Beyond Buildings

 

A Gathering of Student Work: My Studio at the University of Cincinnati

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Derek Sommers 2
Image credit: Derek Sommers

For a few years, I have been arguing for the importance of architecture not as the making of more new objects we don’t really need and that use up natural resources, but as the thoughtful gathering of what already exists, the opening of existing spaces, and the reuse of forms, images, and ideas. As a failed or former architect (which might also explain my motivation), I only get to point out where I see examples of such strategies, but occasionally I teach a studio, and then I can work with students to see what they come up with in terms of an architecture beyond buildings.

This fall, I co-taught such a studio (with Eli Meiners) at the University of Cincinnati. The project was a real one: the conversion of a former Kroger supermarket building into an open storage facility for the Cincinnati Art Museum, a Montessori school, and studios and display space for artists. The rules of the studio were a bit different: you could do anything you wanted, as long as it was begged, borrowed or stolen; your design did not have to be efficient or buildable, but gathered together from existing materials or from other buildings.

We started by making a “harvest map,” an inventory of reusable materials pioneered by the Dutch firm 2012 Architects. Students found the usual recyclable doors, windows, lumber, metal, tubes, and other building materials, but they also came up with plastic sheets left over after signs had been punched out and tennis balls that lose their bounce after a certain amount of play.

Mike Pasquale 1
Image credit: Michael Pasquale

We urged them to use existing spatial enclosures-–the shipping container is very popular these days, but I also asked them to look at the kind of storage sheds you can find at your local Home Depot. One of the students, Michael Pasquale, used a lot of these elements to house both the Art Museum collections and artists’ studios. He left the Kroger building as a community space that could become a place to play basketball or hold a farmer’s market.

Final Layout2
Image credit: Todd Ebeltoft

Another student, Todd Ebeltoft, re-used the building itself, as well as six other similar supermarkets that have been abandoned. After consulting with an engineer, he figured out that he could cut up to 8’ by 30’ sections out and recompose them to create layered boxes to contain most of the program.

Max Peterschmidt 1

Image credit: Max Peterschmidt

Max Peterschmidt 3
Image Credit: Max Peterschmidt

Max Peterschmidt 2
Image credit: Max Peterschmidt

Max Peterschmidt realized that there were a lot of bridges and overpasses in the Rust Belt waiting to be reused, and created a constructivist vision of classrooms lifted over the supermarket. The containers for kids could move up and down. It might not have been the most energy efficient suggestion, but it certainly was the most energetic.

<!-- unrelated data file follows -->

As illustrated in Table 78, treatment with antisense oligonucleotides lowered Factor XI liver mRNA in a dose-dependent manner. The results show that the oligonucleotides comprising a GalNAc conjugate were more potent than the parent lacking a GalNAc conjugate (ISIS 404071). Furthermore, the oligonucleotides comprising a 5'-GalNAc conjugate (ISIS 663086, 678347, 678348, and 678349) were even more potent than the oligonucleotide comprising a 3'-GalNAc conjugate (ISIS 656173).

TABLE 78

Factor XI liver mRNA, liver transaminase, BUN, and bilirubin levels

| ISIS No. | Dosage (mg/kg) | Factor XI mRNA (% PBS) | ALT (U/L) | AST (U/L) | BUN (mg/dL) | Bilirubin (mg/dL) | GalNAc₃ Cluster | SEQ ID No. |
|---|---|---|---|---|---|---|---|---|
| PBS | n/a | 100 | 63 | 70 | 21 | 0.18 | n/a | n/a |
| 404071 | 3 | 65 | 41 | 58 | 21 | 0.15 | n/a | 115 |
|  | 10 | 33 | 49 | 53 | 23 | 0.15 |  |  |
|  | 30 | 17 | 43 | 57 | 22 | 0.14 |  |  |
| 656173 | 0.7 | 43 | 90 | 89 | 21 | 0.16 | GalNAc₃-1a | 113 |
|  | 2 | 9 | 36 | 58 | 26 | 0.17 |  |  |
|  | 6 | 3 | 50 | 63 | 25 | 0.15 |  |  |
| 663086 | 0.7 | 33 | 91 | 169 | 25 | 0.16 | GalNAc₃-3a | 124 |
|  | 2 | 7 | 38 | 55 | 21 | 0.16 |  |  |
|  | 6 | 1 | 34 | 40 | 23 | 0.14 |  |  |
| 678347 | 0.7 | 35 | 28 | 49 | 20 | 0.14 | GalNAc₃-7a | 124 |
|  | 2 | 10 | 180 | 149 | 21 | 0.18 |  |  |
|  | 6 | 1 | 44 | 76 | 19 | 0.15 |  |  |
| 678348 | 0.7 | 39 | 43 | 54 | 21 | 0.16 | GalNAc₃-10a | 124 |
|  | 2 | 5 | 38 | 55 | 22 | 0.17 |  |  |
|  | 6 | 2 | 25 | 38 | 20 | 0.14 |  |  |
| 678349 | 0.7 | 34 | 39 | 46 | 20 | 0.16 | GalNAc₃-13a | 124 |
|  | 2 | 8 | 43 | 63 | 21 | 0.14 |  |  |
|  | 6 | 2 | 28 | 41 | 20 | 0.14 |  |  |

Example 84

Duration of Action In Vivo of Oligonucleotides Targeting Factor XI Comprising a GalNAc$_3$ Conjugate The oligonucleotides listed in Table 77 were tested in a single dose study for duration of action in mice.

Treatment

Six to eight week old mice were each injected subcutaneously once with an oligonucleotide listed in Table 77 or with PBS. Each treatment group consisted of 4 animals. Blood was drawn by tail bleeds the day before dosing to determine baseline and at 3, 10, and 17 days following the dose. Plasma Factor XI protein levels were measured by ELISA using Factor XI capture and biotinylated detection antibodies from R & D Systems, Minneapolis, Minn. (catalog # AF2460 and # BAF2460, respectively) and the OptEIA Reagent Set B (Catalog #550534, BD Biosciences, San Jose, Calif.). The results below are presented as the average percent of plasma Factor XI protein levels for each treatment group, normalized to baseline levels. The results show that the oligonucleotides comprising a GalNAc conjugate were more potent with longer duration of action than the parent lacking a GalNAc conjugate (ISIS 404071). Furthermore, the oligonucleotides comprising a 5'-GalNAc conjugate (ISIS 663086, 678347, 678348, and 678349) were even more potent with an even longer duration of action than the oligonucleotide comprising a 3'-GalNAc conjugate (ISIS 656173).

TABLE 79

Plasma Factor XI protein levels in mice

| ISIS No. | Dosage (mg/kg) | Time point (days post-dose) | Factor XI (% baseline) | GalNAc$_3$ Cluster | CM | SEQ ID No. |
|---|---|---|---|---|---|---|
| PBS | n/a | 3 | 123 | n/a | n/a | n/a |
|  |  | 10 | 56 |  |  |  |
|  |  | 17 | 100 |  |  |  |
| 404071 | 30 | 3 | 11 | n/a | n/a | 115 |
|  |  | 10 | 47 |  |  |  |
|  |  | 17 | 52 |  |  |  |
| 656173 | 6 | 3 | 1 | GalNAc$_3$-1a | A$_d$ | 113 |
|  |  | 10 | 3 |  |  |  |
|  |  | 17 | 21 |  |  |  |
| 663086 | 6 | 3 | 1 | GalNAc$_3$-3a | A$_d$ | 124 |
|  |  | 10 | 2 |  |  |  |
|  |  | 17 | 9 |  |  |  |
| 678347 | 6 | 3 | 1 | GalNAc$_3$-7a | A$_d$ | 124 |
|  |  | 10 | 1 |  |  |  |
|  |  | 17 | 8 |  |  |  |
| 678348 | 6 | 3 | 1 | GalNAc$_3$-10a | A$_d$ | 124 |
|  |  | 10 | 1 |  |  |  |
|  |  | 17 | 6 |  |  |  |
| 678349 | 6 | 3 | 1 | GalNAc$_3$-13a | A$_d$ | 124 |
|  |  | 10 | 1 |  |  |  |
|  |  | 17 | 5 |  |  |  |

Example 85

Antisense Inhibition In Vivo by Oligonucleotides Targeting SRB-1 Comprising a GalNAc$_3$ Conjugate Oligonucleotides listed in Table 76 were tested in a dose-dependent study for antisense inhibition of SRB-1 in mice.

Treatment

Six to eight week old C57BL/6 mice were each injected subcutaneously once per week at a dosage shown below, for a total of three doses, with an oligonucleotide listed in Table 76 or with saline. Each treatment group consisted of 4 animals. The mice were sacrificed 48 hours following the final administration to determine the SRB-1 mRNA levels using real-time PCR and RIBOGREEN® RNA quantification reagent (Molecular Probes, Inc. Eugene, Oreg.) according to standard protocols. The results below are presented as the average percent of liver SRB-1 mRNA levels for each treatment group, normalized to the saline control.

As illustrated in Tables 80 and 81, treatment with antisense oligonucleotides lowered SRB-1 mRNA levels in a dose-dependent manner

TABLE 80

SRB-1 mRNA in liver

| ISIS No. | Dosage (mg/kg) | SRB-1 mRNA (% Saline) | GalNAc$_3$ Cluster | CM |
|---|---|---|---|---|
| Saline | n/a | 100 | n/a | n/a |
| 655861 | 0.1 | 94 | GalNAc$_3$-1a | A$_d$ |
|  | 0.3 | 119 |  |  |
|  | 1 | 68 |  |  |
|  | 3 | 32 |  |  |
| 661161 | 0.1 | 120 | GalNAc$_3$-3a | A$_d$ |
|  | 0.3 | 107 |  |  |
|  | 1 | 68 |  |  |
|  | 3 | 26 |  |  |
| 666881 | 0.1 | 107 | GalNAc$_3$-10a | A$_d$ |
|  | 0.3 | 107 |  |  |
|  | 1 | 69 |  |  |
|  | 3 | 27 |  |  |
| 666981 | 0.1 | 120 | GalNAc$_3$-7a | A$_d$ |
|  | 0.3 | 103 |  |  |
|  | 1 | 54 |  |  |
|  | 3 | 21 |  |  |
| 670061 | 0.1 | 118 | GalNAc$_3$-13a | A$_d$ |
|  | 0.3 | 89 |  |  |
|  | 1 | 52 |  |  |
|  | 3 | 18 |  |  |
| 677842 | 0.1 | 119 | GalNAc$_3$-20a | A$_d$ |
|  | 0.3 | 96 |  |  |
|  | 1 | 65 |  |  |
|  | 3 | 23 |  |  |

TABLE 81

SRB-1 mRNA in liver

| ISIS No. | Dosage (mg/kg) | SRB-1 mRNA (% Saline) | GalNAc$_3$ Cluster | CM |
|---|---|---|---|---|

Derek Sommers 3
Image credit: Derek Sommers

Derek Sommers 1
Image credit: Derek Sommers

The wildest scheme was that of Derek Sommers. Proposing that most of the site should be left to go back to nature, a condition he felt would be guaranteed by inviting feral cats to patrol the resurgent prairie grasses, he then mashed together six different McKim, Mead, and White designs to house all the functions. These buildings had proven their ability to provide a civic framework for what they housed, and made for good spaces. Realizing that we can no longer build such neo-classical structures in full detail, he proposed creating them in the cheapest, most suburban manner possible, and then hiding their necessarily abstracted details behind recycled parachute and shipping fabric.

The point, after all, was not to pursue “sustainable” strategies, but to get us out of the mindset of invention and new-making. Sommers and some of the other students pursued this strategy with great verve. I hope they and others will continue their experiments.

To those who commented about my Singapore blogs:  yes; I was serious about messiness, and yes, it will happen over time--if over-zealous planners give it a chance. Whether it is Asian, European, or pan-global depends on how the city-state evolves; and yes, I made an egregious geographic mistake, the Mariana Trench is not anywhere near Singapore. My apologies. A.

 
 

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About the Blogger

Aaron Betsky

thumbnail image Aaron Betsky is the director of the Cincinnati Art Museum, and in 2008 he was director of the 11th Venice International Architecture Biennale. Trained as an architect at Yale, he has published more than a dozen books on art, architecture, and design and teaches and lectures about design around the world. Aaron worked for Frank O. Gehry and Associates and Hodgetts & Fung Design Associates as a designer, taught for many years at the Southern California Institute of Architecture, and between 1995 and 2001 was curator of architecture and design at the San Francisco Museum of Modern Art. From 2001 to 2006 he was director of the Netherlands Architecture Institute in Rotterdam, the Netherlands.